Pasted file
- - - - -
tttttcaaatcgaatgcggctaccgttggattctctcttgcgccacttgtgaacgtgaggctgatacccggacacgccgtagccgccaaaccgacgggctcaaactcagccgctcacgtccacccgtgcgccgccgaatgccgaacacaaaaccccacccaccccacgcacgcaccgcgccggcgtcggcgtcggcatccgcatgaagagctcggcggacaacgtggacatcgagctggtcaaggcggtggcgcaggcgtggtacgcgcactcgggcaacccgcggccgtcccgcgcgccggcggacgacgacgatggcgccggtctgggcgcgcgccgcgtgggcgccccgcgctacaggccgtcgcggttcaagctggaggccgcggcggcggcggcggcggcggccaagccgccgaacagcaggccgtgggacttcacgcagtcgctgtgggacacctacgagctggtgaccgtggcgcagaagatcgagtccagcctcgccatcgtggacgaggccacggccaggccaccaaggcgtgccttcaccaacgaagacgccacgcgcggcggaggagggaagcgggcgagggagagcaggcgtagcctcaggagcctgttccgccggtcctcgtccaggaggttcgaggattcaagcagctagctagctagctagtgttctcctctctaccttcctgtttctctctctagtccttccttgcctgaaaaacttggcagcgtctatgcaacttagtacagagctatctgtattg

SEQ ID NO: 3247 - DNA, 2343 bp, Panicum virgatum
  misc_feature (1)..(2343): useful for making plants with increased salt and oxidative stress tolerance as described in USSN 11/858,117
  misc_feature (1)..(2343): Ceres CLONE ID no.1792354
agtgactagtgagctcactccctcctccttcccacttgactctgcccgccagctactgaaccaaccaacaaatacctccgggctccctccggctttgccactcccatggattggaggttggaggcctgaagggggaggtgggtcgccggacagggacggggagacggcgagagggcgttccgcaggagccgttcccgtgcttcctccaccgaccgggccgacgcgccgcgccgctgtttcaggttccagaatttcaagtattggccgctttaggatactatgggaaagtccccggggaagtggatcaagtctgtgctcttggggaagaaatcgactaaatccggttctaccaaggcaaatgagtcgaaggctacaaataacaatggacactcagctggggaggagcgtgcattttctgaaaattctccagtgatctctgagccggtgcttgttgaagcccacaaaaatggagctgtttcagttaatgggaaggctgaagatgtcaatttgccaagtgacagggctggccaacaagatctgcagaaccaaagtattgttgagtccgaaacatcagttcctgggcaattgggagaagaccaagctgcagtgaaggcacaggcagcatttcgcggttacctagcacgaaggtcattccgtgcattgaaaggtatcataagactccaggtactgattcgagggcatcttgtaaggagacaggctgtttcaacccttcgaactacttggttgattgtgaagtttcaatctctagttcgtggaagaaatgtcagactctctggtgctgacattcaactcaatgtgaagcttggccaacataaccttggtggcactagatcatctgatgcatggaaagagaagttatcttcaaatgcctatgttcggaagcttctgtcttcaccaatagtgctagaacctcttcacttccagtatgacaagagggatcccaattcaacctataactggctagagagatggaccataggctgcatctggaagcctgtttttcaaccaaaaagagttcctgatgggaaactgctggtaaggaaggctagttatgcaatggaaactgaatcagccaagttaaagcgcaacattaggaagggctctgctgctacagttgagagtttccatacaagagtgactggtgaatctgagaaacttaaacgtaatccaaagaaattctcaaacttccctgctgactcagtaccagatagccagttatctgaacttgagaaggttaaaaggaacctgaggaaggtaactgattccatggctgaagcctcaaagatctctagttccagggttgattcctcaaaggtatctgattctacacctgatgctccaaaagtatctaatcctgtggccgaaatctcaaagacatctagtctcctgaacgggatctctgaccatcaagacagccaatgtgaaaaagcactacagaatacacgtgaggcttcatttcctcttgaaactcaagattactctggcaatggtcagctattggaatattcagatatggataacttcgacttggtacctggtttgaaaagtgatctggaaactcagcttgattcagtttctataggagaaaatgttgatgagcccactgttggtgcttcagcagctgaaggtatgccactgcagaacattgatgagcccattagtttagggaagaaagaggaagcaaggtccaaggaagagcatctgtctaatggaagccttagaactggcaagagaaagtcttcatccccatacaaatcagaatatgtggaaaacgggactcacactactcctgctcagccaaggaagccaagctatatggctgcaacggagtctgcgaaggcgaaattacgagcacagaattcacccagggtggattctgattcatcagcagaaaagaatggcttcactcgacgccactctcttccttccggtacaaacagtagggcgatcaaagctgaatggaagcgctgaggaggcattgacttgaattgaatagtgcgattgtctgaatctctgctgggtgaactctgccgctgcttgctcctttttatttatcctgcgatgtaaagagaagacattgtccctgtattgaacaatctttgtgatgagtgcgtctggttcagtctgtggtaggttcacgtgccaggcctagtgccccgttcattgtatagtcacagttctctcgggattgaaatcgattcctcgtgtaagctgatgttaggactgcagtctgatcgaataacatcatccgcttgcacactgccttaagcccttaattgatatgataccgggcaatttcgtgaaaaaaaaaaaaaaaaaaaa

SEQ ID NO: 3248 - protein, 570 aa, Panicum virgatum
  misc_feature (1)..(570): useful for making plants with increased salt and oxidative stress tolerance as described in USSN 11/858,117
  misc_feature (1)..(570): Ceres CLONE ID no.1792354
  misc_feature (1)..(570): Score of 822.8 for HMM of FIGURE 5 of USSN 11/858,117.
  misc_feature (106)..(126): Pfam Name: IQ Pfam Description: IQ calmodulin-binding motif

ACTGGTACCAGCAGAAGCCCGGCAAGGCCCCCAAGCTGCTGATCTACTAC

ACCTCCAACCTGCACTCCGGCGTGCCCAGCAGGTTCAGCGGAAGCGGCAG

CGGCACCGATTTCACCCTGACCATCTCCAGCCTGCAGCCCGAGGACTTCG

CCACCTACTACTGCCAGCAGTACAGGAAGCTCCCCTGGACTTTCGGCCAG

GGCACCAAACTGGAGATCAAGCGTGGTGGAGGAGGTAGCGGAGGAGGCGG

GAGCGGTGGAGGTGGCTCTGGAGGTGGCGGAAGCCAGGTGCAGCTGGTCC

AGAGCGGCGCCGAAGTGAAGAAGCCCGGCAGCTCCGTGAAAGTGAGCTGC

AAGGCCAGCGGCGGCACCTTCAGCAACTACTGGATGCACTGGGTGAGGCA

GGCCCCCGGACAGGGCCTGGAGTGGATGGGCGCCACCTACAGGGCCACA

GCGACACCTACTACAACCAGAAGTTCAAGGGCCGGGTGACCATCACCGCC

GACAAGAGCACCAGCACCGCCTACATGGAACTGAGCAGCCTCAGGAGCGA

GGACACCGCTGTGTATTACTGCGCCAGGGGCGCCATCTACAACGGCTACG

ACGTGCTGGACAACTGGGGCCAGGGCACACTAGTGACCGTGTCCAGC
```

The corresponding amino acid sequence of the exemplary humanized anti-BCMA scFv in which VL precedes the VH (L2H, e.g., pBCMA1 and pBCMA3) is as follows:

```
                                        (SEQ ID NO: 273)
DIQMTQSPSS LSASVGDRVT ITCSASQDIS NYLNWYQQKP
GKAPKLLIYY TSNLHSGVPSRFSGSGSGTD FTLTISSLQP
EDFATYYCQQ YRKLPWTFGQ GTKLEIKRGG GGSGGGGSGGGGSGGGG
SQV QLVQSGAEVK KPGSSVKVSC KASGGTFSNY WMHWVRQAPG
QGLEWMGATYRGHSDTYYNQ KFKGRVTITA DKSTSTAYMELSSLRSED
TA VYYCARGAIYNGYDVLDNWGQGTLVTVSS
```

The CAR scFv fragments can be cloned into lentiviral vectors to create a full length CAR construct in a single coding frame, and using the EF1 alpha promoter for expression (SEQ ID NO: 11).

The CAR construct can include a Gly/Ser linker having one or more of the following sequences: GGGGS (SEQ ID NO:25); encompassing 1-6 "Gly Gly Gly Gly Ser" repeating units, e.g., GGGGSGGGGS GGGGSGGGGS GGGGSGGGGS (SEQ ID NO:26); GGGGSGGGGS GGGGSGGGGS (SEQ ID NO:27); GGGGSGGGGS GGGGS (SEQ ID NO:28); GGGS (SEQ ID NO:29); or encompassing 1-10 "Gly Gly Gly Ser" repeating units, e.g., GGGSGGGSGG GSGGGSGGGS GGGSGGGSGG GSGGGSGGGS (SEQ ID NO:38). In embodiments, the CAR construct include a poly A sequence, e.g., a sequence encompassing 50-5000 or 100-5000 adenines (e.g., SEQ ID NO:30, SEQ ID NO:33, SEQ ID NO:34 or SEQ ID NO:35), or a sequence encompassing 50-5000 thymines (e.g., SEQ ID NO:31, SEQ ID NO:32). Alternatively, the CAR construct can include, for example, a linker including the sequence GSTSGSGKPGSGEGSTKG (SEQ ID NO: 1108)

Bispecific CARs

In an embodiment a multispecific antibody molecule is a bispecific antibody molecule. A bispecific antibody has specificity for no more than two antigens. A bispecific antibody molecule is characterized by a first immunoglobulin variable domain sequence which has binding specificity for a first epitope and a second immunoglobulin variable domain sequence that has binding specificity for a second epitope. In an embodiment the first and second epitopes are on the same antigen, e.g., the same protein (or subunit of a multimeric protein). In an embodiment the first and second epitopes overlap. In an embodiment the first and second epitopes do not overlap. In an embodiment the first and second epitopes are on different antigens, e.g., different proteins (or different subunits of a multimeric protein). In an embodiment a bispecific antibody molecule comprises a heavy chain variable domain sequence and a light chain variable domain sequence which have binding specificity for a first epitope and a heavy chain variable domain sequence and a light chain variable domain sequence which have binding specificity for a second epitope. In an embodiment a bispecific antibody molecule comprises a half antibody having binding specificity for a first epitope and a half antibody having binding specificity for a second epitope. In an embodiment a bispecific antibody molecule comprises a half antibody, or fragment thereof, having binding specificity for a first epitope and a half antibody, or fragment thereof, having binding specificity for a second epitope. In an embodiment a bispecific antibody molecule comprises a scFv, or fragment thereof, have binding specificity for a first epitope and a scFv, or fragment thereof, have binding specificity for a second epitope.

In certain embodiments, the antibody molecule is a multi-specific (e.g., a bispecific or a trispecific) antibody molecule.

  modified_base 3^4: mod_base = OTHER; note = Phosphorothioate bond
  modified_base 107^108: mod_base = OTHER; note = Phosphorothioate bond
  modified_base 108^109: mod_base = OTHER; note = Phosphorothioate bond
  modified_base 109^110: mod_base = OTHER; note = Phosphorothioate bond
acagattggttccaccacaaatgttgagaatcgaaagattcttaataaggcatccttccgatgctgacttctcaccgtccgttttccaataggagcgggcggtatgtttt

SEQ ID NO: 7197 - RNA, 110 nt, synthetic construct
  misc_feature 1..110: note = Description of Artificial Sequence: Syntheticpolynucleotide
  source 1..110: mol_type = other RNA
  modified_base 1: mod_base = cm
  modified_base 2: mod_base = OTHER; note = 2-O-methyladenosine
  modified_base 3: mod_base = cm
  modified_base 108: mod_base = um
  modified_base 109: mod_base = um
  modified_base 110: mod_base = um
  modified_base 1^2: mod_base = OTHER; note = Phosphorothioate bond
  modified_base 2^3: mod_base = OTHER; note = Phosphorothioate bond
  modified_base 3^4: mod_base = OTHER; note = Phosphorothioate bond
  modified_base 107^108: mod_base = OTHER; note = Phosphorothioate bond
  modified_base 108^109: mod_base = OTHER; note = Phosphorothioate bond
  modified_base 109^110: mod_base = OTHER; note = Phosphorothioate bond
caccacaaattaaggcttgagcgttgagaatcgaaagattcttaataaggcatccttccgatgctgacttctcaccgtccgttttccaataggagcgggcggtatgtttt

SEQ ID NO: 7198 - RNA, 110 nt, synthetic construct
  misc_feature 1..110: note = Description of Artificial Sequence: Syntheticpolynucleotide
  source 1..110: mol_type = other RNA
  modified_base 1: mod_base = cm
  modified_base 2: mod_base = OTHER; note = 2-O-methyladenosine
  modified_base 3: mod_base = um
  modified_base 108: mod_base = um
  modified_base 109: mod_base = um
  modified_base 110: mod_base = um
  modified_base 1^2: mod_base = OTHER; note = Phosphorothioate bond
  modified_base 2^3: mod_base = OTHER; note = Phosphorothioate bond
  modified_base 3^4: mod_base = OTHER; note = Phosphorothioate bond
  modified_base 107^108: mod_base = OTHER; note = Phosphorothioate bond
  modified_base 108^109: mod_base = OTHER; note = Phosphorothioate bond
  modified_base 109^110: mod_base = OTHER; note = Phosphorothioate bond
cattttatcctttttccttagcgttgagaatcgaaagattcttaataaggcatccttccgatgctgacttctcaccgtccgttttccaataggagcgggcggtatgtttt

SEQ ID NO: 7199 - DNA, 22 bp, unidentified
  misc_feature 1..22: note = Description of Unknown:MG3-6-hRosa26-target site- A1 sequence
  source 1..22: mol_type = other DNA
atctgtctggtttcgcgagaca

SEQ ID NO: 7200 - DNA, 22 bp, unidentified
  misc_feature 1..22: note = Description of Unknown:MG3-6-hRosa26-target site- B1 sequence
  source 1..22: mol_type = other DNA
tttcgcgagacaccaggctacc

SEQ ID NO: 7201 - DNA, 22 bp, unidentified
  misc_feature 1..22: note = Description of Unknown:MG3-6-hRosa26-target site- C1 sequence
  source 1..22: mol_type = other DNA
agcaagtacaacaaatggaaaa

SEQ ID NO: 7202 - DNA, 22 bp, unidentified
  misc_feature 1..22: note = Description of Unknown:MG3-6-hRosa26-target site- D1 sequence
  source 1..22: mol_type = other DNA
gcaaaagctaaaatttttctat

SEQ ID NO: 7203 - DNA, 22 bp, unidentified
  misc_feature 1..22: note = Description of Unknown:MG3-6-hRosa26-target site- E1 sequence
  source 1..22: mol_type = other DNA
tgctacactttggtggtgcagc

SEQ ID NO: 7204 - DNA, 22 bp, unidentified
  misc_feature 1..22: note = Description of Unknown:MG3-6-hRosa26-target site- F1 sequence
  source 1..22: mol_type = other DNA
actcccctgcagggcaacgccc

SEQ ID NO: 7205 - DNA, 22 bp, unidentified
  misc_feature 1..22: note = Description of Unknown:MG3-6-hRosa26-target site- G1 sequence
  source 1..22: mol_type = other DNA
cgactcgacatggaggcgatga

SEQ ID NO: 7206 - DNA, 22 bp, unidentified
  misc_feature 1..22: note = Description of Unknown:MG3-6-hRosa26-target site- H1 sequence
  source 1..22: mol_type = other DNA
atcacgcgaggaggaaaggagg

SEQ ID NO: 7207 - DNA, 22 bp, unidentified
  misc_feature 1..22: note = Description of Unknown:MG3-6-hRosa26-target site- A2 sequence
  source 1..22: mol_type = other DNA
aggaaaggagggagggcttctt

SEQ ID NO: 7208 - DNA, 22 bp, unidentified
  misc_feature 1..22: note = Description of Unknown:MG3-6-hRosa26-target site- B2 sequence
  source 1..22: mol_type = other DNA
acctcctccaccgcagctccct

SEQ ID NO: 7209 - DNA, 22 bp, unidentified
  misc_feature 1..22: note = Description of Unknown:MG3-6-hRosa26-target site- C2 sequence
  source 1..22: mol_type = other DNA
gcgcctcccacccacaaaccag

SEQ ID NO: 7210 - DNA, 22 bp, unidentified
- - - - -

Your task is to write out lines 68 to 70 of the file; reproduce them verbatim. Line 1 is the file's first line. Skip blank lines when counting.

  modified_base 109: mod_base = um
  modified_base 110: mod_base = um
  modified_base 1^2: mod_base = OTHER; note = Phosphorothioate bond